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Swimming Pool Risks for Kids

Children look forward to the summer months for fun at pools and water parks. However, while they are having fun in the sun, there are hidden risks. Parents should be aware of the risks at home and public pools, and water parks. Most infections and accidents are preventable with proper knowledge and precaution. Your children can have a fun and healthy summer in the pool.


Springing up in towns and backyards in the '60s, the pool offered a healthy alternative to polluted beaches and waterways. 

But the very thing that makes pools healthy for many – chlorine-based disinfectant – makes it a potential health hazard for others.

Chlorine-based disinfectants (hypochlorite, chlorine and chloroisocyanurates) inactivate a wide range of water-borne pathogens. But when these chemicals react with organic matter such as urine and sweat, chlorine releases a mixture of by-products that can irritate the eyes, skin and upper airways.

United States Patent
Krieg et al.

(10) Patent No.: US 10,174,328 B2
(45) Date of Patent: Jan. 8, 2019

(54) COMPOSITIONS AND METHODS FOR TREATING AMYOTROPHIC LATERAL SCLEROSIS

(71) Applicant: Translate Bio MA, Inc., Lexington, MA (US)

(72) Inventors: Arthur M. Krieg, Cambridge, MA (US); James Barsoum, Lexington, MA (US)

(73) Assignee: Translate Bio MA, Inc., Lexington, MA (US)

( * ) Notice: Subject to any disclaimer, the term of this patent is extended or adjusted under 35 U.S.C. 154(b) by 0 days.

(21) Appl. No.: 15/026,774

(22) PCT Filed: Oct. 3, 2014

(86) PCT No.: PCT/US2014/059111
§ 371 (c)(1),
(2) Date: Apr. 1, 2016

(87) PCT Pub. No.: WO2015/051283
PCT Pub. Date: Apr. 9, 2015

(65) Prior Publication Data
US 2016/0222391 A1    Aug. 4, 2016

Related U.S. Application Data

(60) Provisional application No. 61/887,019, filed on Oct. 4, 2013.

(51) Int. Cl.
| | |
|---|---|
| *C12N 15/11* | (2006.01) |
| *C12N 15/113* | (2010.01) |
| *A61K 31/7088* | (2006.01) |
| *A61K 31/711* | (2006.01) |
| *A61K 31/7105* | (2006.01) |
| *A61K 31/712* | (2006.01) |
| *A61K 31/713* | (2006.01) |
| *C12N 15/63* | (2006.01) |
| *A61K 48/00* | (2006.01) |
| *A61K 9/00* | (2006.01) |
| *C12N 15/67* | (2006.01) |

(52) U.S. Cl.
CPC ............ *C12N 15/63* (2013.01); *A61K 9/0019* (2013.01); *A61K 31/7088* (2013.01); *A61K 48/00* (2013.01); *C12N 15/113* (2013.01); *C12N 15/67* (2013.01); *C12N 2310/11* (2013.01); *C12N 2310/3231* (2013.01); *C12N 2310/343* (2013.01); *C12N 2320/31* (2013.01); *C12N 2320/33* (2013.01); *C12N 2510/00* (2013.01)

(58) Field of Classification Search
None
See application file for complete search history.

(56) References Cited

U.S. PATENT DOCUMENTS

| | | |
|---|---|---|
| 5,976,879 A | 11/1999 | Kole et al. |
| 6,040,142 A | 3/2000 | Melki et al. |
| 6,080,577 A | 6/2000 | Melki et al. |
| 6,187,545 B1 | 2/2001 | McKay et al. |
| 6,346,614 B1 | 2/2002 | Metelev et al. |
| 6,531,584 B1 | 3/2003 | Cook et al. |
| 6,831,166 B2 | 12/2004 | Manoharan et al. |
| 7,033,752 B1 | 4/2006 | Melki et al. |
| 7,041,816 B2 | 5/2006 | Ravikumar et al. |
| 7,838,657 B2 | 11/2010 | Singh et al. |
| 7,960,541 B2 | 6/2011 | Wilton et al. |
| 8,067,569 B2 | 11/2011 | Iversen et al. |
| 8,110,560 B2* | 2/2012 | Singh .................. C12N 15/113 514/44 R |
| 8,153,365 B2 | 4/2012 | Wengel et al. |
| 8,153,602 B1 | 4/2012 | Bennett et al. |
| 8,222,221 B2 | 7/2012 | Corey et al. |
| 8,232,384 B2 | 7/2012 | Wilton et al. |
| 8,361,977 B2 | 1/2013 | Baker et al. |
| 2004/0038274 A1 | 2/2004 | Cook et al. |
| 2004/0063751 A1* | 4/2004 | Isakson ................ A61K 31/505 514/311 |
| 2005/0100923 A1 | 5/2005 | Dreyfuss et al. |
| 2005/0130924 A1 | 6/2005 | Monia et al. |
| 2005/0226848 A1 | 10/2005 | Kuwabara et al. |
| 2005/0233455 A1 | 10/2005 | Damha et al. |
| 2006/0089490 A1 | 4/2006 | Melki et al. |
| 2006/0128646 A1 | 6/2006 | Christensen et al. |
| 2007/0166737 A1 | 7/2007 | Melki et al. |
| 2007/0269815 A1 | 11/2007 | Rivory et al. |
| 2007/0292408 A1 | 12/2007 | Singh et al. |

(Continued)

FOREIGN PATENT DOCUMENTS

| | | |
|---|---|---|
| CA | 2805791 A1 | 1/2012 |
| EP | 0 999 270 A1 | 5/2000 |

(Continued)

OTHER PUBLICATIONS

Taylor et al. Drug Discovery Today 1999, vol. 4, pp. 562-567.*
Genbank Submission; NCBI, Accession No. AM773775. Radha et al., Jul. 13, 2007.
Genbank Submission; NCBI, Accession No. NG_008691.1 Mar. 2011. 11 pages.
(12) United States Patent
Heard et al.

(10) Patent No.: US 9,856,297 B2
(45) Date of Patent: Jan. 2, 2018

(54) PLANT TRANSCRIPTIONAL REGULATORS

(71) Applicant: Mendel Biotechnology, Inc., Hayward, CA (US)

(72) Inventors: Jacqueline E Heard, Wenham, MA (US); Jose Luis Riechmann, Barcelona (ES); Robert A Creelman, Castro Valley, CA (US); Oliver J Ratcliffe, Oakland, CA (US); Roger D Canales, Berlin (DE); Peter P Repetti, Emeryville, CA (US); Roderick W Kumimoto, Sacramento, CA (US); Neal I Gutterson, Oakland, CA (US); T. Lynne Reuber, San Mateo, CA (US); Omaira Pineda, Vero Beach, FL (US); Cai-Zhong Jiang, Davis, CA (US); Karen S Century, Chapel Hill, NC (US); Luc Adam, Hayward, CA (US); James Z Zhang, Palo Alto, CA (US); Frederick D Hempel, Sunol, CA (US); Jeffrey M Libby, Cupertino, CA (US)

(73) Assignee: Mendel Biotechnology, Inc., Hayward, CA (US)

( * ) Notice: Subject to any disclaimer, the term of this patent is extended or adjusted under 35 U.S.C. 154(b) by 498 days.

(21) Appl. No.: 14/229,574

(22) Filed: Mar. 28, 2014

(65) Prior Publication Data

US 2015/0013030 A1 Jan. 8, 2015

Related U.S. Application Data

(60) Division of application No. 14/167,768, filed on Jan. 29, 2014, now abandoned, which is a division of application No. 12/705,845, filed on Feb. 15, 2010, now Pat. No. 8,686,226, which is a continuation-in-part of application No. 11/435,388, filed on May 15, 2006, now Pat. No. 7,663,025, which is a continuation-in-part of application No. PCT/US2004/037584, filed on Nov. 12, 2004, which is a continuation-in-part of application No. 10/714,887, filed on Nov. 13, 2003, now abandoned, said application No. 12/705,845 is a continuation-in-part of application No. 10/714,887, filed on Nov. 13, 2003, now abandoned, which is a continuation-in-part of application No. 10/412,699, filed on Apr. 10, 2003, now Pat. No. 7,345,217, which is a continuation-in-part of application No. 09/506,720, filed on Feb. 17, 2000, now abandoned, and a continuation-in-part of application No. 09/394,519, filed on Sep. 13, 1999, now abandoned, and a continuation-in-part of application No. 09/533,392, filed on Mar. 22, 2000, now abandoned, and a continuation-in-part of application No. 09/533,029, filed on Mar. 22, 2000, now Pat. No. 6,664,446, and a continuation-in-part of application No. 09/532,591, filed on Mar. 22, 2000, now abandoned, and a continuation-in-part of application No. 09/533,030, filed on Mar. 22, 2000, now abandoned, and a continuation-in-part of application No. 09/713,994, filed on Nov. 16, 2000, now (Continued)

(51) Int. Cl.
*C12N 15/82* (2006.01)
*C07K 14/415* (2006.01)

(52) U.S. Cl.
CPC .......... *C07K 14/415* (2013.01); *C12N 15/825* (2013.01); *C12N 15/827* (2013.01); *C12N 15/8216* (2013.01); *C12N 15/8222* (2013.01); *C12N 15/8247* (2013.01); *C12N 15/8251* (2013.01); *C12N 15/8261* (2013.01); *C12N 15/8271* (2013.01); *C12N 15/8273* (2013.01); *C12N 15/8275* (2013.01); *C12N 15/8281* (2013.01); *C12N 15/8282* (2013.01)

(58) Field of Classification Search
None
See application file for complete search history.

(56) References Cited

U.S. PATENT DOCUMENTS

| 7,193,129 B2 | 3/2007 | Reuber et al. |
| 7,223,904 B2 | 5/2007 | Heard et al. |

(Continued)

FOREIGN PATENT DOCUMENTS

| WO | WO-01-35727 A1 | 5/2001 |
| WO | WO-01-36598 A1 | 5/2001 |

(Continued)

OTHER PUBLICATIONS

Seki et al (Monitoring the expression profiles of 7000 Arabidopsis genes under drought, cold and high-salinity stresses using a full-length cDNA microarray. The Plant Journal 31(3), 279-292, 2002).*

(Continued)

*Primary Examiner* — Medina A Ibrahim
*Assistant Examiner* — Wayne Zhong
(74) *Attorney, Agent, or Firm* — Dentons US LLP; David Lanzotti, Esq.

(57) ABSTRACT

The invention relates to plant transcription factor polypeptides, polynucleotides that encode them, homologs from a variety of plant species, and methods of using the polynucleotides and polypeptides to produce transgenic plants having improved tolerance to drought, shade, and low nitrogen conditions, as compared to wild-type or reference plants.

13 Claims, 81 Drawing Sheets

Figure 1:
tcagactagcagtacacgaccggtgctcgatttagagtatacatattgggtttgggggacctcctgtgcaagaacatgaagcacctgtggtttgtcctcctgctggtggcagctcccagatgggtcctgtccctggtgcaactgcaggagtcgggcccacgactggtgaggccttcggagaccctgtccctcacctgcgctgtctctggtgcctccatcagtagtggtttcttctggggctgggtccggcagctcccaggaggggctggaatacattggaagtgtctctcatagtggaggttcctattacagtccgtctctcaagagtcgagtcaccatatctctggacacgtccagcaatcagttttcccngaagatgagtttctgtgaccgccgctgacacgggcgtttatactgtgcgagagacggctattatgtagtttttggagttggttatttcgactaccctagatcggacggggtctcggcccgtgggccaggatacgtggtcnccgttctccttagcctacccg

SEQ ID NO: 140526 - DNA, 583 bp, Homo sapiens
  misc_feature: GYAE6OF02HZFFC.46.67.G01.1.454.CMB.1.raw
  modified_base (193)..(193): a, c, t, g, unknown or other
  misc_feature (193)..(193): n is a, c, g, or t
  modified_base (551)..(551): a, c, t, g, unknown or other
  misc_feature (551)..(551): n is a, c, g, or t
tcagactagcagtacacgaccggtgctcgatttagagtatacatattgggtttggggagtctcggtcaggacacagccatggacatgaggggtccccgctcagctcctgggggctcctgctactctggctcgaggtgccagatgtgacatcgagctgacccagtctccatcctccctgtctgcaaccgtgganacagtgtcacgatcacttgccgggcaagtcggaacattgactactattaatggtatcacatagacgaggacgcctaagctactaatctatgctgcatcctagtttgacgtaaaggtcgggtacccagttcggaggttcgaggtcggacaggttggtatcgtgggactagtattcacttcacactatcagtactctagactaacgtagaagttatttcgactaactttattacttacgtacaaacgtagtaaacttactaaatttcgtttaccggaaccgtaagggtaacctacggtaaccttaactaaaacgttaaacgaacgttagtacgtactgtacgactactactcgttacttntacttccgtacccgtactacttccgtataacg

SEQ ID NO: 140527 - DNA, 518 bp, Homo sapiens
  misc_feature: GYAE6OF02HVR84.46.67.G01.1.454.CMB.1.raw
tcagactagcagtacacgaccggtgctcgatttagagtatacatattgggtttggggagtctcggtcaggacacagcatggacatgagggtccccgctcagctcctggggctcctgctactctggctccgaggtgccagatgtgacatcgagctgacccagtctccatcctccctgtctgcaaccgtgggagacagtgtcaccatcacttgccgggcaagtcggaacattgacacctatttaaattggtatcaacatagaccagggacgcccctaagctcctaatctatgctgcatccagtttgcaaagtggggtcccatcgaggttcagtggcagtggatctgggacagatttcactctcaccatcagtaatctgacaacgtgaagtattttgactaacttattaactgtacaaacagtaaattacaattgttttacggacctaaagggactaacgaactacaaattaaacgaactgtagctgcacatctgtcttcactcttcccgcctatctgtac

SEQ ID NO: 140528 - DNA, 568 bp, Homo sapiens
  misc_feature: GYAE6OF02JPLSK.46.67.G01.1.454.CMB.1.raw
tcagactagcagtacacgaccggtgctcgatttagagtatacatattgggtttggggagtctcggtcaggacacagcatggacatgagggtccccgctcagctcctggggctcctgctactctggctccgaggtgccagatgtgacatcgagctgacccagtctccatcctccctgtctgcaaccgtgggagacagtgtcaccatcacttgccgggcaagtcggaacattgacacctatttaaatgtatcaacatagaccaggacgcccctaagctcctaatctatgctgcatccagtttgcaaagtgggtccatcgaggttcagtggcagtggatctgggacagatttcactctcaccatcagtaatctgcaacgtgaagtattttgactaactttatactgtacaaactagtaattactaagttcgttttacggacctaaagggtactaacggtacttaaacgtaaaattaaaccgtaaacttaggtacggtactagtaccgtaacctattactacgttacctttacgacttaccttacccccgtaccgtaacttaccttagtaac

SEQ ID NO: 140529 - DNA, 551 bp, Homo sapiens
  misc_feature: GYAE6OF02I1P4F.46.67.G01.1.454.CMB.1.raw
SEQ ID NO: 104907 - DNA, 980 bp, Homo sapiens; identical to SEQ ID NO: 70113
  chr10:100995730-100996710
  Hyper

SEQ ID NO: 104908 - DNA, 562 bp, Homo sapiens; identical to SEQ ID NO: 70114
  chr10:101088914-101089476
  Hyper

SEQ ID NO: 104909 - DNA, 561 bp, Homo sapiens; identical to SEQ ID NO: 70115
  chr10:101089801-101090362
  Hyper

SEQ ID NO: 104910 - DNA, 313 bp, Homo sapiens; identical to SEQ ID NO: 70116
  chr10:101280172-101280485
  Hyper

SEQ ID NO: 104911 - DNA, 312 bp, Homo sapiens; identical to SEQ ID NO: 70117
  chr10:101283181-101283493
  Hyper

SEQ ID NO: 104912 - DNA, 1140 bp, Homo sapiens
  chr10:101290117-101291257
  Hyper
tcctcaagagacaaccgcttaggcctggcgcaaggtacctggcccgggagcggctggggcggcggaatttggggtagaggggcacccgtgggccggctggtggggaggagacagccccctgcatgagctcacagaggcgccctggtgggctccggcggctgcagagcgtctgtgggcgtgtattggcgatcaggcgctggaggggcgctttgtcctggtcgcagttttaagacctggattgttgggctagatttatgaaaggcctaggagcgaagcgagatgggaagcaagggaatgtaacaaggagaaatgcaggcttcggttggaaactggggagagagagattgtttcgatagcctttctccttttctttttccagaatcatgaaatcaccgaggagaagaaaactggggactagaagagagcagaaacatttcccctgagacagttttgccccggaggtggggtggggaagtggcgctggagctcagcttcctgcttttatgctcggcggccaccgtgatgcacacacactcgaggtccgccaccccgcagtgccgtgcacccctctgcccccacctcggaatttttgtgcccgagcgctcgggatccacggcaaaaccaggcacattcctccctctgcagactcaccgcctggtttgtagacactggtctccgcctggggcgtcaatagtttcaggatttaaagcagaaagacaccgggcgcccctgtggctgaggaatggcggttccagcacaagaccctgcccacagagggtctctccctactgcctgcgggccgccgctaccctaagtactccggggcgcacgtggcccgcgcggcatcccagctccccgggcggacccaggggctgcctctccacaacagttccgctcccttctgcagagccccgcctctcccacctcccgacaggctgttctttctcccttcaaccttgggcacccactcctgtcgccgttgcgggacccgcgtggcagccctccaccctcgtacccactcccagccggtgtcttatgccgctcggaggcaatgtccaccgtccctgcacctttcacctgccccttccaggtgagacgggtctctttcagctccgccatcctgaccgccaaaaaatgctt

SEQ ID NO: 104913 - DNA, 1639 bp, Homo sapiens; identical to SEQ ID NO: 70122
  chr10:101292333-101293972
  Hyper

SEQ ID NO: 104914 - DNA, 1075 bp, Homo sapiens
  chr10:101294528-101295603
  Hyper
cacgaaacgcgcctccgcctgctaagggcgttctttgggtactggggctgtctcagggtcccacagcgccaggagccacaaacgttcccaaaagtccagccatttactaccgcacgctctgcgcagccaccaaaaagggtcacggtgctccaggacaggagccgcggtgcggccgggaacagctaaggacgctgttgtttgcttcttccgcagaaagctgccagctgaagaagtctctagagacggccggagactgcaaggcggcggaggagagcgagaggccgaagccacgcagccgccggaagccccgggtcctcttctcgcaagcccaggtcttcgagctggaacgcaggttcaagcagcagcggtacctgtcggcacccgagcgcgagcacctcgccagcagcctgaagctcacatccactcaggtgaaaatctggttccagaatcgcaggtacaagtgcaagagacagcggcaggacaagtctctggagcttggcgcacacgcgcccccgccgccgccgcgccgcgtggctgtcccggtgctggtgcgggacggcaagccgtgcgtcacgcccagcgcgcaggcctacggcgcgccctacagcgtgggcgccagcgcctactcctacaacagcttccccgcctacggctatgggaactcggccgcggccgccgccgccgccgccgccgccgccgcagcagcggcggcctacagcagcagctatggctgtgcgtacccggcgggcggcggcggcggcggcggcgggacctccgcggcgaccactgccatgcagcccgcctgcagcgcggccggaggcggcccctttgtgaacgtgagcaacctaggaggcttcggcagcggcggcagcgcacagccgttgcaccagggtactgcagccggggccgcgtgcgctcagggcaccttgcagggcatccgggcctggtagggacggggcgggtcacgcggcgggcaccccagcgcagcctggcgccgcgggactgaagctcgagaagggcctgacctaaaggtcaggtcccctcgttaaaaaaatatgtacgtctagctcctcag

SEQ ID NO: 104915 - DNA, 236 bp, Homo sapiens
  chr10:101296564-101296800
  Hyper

Recent research by Belgian scientists published in Pediatrics has added to the theory that chlorine in swimming pools can increase the incidence of asthma, allergic rhinitis and hay fever in those who are vulnerable to allergies.

The researchers examined 847 students between 13 and 18 years of age who had been swimming in indoor chlorinated and un-chlorinated pools.

They found that children who were allergy sensitive were more likely to develop asthma and other allergies if they swam in chlorinated pools. Those who spent more than 1000 hours in chlorinated pools were up to 14.9 times more likely to have asthma and 3.5 times more likely to have allergic rhinitis. Children who were not allergy sensitive or who had swum only in pools solely disinfected with copper or silver ion-based sanitizers did not display asthma or respiratory symptoms.

Some of the parasite are resistant to chlorine so if you are going swimming, especially at your local pool, the Victorian Better Health Channel advises you to keep the following hygiene tips in mind:

- Shower yourself and your child before swimming.

- Do not use the pool if you or your child has had diarrhea or a gastrointestinal infection in the previous week.

- Do not change your child's nappy by the side of the pool.

- Reduce the risk of accidents by taking children for frequent trips to the toilet.

- Do not rinse your hands in the pool water after a trip to the toilet or after changing your child's nappy. Use warm water and soap.